Saturday, September 9, 2017

Hard Pills to Swallow

Almost five years have passed. FIVE. Half a decade.

It's been half a decade since I last held you, Luke. Since we last saw your face.

I've been thinking a lot about things that I've gotten the hang of over the past five years. Grief is a constant adjustment. It's always changing and life gets both more complicated and yet more simplified. I know the ropes. I know how it feels to see someone join this community of parents who've lost a baby. I know what to offer them. I have rote responses now for the questions that get asked to every parent everywhere.

"How many kids do you have?" they ask.
"Three," I say.
"Oh, how old are they?"
"My youngest is 18 months, my oldest is almost four, but I also had a son, who was stillborn."

And that usually kills a conversation. Sometimes it doesn't and I make a fast friend. I know I can say the words without crying (at least most of the time) and it makes me proud to be able to mention all of my kids in one statement. I've gotten past the point of caring how it makes the other person feel to talk about death, because my reality will always contain my dead firstborn. It's not something that I get to walk away from, or ever be OK with. He will always be gone. I will never have more memories of him to share with people. You were born, and you were not alive, but you still count as my child.

So I've learned how to swallow most of those pills. Over the past 5 years, I've figured out how to present myself and my circumstances to people. I also know that I can't put you away, Luke. You matter too much to me to tuck away into our past. I need people to know that you existed. That you were wanted and that living without you will always hurt. That a piece of my heart will always be missing. Sharing you, while hard, is my job as your mama. I don't have pictures or stories or baby books filled with your milestones, Luke, but I say your name. That pill is less hard to swallow now, five years out.

But some things still hurt. 

Babies are still named Luke. There will always be some that are the age he should be and I'll meet them over my lifetime.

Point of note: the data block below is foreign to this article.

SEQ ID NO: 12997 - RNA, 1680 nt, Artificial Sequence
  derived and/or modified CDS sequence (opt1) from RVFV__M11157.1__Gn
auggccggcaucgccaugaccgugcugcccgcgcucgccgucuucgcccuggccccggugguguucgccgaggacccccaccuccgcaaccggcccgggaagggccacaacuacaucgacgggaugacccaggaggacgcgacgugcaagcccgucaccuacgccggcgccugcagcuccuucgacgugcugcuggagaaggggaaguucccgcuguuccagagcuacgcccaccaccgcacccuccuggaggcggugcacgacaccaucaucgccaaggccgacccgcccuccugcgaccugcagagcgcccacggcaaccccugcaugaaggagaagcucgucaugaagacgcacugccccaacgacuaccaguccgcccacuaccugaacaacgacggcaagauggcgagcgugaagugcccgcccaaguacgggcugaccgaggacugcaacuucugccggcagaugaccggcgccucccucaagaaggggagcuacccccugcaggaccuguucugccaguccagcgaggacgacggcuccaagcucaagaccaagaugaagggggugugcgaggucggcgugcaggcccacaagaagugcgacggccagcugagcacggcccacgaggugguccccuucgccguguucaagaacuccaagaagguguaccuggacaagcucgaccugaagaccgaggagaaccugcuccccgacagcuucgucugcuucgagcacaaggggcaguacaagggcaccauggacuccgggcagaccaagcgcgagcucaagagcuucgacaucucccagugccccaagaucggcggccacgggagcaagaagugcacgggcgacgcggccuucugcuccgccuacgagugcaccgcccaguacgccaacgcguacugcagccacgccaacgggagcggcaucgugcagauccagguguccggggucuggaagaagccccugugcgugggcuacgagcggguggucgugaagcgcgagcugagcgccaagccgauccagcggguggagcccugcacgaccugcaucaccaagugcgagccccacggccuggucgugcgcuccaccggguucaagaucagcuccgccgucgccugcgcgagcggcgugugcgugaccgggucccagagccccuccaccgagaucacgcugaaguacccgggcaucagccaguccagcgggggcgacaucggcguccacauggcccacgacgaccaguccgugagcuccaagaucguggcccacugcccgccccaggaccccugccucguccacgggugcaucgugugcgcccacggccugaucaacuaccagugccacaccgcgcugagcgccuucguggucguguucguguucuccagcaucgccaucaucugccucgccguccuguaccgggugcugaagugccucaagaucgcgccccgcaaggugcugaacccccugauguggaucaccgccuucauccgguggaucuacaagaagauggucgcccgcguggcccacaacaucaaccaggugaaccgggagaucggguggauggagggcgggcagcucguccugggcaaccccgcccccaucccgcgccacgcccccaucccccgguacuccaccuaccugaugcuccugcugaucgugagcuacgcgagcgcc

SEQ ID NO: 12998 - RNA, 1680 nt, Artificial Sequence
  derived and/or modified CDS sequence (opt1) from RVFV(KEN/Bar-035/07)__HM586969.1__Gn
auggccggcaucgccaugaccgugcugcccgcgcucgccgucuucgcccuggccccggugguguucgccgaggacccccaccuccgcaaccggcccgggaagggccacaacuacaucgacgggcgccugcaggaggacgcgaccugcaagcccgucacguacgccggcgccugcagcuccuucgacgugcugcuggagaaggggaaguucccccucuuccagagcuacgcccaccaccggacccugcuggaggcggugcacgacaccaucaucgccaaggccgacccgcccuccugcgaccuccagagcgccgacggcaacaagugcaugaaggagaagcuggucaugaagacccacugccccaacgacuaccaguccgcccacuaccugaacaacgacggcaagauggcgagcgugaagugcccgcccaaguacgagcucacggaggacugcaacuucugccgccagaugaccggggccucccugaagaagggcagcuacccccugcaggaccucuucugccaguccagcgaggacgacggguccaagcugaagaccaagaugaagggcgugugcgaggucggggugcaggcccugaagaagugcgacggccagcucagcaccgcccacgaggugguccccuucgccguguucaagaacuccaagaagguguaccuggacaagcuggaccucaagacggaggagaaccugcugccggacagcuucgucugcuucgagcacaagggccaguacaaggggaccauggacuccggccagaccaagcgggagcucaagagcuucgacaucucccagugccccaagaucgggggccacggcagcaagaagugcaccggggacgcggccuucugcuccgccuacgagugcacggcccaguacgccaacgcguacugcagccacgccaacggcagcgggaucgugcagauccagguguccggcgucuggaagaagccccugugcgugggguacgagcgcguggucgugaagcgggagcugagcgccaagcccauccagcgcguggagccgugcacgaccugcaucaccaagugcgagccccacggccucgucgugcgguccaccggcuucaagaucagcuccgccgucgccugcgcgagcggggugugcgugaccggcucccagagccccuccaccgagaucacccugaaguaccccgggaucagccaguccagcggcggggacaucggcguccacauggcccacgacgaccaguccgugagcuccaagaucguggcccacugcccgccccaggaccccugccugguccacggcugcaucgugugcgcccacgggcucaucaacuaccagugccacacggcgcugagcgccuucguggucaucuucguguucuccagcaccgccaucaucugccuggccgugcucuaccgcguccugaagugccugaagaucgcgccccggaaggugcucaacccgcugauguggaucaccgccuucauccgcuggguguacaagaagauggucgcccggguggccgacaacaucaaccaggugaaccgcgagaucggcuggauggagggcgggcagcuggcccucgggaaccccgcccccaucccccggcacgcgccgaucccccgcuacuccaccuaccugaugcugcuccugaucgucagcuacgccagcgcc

Babies are still being born on Luke's birthday.

Snooki has her friggin kid, and he's still alive.

Those are still hard pills to swallow. If there's one thing I understand now, 5 years out, it's that I might be bitter about some things forever. I didn't just lose you as a baby. I lost you being a 5 year old on your first day of school. I lost a little boy who might've played little league or loved karate. I lost a teenager who thinks his mom is the most annoying person in the world. And I lost a grown man who I'd hopefully get to see grow up and be a wonderful person.

I never got to see you grow, Luke. I never even got to see your chest rise and fall with air in your lungs. It was all just taken away.

All of that, but on the flip side, you were the first of the grandchildren born to my family. And now, there are 7 more. That's how much has happened in 5 years. And right now, it's hard to think about how empty our lives were when we lost you. But it's still hard to think about the fact that if you weren't gone, Lena and Lainey wouldn't be here. Our lives have diverged down so many different paths because of what happened to you. And it's brutal and beautiful at the same time.

The sun is lower in the sky--Literally as of this week. For me, it signals your birthday. Five years, sweet boy. At this time 5 years ago, I was in labor and we just wanted to meet you...even if you were already gone.

A death date before a birth date. That's still the hardest pill to swallow.